Editorial: Catholics not only vote, they rule-A A +A
Tuesday, November 27, 2012
LIPA Archbishop Ramon Arguelles, who is also the vice chairman of the Episcopal Commission on Family and Life of the Catholic Bishops Conference of the Philippines (CBCP) has urged the faithful to use the “Catholic vote” in choosing their leaders in the 2013 elections.
But first, he should have been clear on the definition of “Catholic vote.”
Did he mean by that phrase the vote registered by a baptized Catholic, with or without the dictates of the Catholic Church as represented by the CBCP? Or was he referring to a more specific vote, one that is counted only if it hews to the CBCP stance on various issues?
Definition is important considering that Arguelles is urging the faithful to use the “Catholic vote” next year. Because if by “Catholic vote” he means the second definition, then the CBCP itself must clearly name the candidates the faithful should vote for (a-la Iglesia ni Cristo) and not merely use criteria that are nebulous as voter’s guide.
Even then, that definition of “Catholic vote” actually muddles the reality of the first definition. The point is, ever since elections were institutionalized in this country, Catholics have dictated their outcome. This is because majority of voters in this country are Catholics. Don’t we use “predominantly Catholic” to refer to the Philippines?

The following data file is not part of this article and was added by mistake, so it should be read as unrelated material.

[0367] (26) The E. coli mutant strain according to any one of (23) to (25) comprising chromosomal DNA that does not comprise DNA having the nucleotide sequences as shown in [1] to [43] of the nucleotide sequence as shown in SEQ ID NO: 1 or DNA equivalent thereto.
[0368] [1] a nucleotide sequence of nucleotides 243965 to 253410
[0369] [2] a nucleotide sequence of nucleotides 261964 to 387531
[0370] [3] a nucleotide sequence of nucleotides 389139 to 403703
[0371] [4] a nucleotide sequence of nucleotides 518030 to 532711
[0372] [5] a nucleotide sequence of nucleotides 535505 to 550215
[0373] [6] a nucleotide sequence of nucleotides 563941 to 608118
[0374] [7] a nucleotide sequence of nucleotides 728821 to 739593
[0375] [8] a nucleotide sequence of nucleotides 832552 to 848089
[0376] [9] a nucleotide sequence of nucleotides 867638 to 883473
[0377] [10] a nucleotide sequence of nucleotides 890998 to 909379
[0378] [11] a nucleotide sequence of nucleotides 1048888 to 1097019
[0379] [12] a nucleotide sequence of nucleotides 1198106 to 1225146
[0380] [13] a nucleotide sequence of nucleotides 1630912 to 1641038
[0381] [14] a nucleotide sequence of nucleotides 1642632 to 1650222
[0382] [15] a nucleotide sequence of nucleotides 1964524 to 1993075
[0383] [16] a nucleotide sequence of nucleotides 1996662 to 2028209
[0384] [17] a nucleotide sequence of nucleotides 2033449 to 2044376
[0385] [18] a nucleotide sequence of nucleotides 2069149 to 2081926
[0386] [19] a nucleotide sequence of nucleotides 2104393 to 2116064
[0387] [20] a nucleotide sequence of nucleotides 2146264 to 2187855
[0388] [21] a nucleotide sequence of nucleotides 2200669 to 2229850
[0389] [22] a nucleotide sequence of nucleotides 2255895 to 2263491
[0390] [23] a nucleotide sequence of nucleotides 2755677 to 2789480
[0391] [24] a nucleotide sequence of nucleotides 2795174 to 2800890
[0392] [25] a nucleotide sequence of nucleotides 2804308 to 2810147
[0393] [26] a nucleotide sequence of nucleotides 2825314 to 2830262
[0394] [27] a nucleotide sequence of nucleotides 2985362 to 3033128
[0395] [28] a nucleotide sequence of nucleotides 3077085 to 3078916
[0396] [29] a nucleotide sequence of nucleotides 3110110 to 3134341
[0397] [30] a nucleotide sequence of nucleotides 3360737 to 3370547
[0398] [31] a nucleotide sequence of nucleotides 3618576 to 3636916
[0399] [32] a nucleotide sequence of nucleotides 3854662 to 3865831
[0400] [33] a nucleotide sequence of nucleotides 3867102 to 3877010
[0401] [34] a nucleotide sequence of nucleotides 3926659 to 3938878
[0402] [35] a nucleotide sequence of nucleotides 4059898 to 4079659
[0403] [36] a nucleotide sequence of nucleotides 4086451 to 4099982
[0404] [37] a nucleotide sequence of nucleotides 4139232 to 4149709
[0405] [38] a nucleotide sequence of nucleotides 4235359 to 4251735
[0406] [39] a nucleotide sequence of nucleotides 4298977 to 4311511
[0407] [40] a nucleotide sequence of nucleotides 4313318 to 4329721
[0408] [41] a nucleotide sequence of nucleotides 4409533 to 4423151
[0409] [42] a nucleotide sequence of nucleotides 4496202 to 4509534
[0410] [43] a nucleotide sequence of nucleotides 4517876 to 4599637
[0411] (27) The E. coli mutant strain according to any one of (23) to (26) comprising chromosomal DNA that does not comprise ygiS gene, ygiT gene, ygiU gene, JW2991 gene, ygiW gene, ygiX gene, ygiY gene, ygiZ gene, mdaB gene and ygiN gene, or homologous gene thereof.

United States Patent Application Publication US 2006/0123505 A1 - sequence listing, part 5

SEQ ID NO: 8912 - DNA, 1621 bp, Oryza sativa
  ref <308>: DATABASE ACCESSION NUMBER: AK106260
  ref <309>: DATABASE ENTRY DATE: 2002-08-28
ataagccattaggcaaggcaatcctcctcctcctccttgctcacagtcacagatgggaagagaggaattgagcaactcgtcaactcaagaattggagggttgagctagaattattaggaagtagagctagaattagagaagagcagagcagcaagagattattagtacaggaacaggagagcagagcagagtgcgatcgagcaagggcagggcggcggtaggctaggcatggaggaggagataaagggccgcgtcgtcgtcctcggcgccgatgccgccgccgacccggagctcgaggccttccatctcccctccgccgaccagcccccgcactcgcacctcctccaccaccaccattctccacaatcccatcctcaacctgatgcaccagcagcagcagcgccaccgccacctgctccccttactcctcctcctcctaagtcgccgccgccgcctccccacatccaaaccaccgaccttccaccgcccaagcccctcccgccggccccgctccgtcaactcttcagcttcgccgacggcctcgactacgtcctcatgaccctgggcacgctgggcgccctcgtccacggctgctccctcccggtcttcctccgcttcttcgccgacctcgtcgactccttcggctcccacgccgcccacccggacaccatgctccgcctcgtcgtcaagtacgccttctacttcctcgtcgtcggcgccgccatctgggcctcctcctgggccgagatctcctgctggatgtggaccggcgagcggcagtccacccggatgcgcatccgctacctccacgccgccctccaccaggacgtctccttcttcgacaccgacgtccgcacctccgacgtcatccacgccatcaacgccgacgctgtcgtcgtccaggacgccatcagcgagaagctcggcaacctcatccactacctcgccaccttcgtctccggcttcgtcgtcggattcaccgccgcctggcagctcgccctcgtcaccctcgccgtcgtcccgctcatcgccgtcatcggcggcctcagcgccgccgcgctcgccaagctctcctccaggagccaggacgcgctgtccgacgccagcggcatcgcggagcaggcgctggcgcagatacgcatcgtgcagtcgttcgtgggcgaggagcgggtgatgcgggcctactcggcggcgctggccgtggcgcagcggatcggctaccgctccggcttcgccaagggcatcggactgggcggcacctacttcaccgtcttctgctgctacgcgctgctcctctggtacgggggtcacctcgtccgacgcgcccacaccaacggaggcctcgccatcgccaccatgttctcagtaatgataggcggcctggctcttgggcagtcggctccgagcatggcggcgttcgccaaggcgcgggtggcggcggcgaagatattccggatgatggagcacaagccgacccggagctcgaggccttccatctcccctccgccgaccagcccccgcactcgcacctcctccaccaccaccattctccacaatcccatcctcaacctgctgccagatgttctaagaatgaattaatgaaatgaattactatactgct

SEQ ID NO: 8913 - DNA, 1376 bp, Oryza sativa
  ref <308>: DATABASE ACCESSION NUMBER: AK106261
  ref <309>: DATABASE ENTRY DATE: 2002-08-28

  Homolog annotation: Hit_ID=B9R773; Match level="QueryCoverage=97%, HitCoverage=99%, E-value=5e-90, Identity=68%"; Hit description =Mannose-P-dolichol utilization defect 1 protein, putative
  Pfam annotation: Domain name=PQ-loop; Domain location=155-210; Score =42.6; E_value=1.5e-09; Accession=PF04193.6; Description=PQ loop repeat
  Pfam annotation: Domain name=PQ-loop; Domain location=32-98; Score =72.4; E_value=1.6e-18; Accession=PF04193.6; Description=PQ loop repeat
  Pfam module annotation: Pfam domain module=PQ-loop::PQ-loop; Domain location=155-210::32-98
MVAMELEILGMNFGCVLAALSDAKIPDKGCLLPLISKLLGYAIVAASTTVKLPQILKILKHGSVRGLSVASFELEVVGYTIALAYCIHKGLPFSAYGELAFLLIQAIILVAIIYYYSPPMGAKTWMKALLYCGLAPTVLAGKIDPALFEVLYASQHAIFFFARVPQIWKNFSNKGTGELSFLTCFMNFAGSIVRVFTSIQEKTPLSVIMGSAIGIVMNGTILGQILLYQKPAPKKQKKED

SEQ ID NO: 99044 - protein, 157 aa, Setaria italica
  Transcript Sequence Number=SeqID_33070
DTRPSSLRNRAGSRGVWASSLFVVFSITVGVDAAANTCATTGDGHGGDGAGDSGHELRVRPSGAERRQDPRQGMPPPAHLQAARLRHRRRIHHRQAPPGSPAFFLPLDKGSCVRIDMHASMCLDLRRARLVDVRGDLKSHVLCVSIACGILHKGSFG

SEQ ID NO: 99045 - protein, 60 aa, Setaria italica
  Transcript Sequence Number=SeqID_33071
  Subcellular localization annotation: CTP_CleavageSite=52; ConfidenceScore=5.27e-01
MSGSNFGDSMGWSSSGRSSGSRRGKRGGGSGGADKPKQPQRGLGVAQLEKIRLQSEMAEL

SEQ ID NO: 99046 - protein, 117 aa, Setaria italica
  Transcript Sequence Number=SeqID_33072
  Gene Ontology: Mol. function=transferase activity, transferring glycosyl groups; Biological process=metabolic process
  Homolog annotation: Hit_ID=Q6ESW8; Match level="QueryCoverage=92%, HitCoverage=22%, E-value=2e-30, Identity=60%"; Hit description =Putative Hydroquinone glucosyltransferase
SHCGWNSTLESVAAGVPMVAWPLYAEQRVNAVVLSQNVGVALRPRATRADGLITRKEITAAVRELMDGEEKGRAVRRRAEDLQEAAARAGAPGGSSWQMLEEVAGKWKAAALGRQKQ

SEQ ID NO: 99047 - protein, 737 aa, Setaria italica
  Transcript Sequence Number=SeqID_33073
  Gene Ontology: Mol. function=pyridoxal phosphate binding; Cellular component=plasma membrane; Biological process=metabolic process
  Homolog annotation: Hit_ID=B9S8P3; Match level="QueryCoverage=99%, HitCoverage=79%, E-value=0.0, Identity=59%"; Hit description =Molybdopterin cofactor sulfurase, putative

It would be hypocritical, then, for the Catholic clergy to disown whatever decisions Catholic voters have been making during elections through the decades and not claim these as “Catholic vote.” The truth is, the real “Catholic vote” is the one made by majority of Catholics during every election—-whether priests and bishops like that “vote” or not.
When a Catholic goes to the voting precinct, he brings with him whatever Catholic Church teachings he imbibed growing up. He does not go to the voting precinct as a pagan. Whatever decision he arrives at as a voter is partly a reflection of the level he has reached as a Catholic.
It is wrong for Arguelles, therefore, to talk about “Catholic vote” like it isn’t the engine that runs this country’s elections already. All of our leaders past and present have been chosen by Catholics.
What Arguelles and the bishops should rather focus on is assess how this “Catholic vote” has been used through the years. Because in the final analysis, whatever is happening to this country’s politics proves how deep or shallow the Catholic clergy’s evangelization work in this country has been.
Published in the Sun.Star Cebu newspaper on November 27, 2012.